|KANT IN THE CLASSROOM Materials to aid the study of Kant’s lectures|
Table: Full Professors employed in German Universities
This table is based on Eulenberg’s data [1904, 319] and shows the number of full professors (ordentliche Professoren) [glossary] at German universities during the years 1758 (left-hand columns) and 1796 (right-hand columns) — thus, near the beginning and near the end of Kant’s teaching career. Eulenburg provides data for more schools than shown here; this graph includes only those schools for which there was a complete data set. He also provides totals for the four faculties for 1796 (the most complete data set): theology (184), Law (174), medicine (159), and philosophy (274), with a total number of 791 full professors (this includes the Austrian universities).
Eulenburg elsewhere [1908, 9-11] estimates a total of 86 associate (ausserordentliche) professors and 38 lecturers (Privatdozenten) in all the German-speaking universities, and in 1796 these numbers had grown to 141 associate professors and 86 lecturers (which together constituted one-fourth of the total teaching staff; by 1840 they would constitute one-half).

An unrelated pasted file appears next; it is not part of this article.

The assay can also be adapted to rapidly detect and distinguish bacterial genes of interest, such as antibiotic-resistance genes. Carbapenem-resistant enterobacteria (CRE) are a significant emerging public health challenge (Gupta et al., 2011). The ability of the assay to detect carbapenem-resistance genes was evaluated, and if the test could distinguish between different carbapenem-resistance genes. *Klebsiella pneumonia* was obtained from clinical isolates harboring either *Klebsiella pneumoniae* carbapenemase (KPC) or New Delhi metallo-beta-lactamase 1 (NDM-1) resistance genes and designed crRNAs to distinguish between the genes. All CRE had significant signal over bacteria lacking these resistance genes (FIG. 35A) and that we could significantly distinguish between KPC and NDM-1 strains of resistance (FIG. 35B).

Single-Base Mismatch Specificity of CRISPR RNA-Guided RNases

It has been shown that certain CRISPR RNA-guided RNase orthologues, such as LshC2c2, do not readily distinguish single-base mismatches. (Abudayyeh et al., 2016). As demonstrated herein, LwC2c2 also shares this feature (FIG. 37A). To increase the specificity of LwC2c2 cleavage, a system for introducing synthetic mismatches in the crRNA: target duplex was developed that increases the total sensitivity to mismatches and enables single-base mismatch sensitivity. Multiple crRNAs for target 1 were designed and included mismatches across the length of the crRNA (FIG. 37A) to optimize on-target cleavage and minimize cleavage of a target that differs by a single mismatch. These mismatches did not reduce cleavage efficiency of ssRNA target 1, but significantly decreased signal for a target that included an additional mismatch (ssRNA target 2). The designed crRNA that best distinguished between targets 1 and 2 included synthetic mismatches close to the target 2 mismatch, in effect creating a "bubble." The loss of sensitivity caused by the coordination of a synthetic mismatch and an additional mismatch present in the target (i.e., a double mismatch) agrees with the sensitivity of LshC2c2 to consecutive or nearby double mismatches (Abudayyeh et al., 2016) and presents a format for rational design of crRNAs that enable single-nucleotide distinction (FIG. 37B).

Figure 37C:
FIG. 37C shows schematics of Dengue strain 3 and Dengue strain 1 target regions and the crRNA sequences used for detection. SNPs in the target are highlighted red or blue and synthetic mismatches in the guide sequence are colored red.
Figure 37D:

A list of the philosophy faculty at Königsberg (as well as timelines of the philosophy, theology and medicine faculties) is provided under the Professors pages. When comparing that information with the data for Königsberg listed here, one immediately notes a discrepancy: sources other than Eulenberg indicate that there were nine full professors in the philosophy faculty at Königsberg in 1758 (the normal eight, plus C. C. Flottwell), and seven in 1796 (Mangelsdorff was professor of both Rhetoric/History and of Poetry).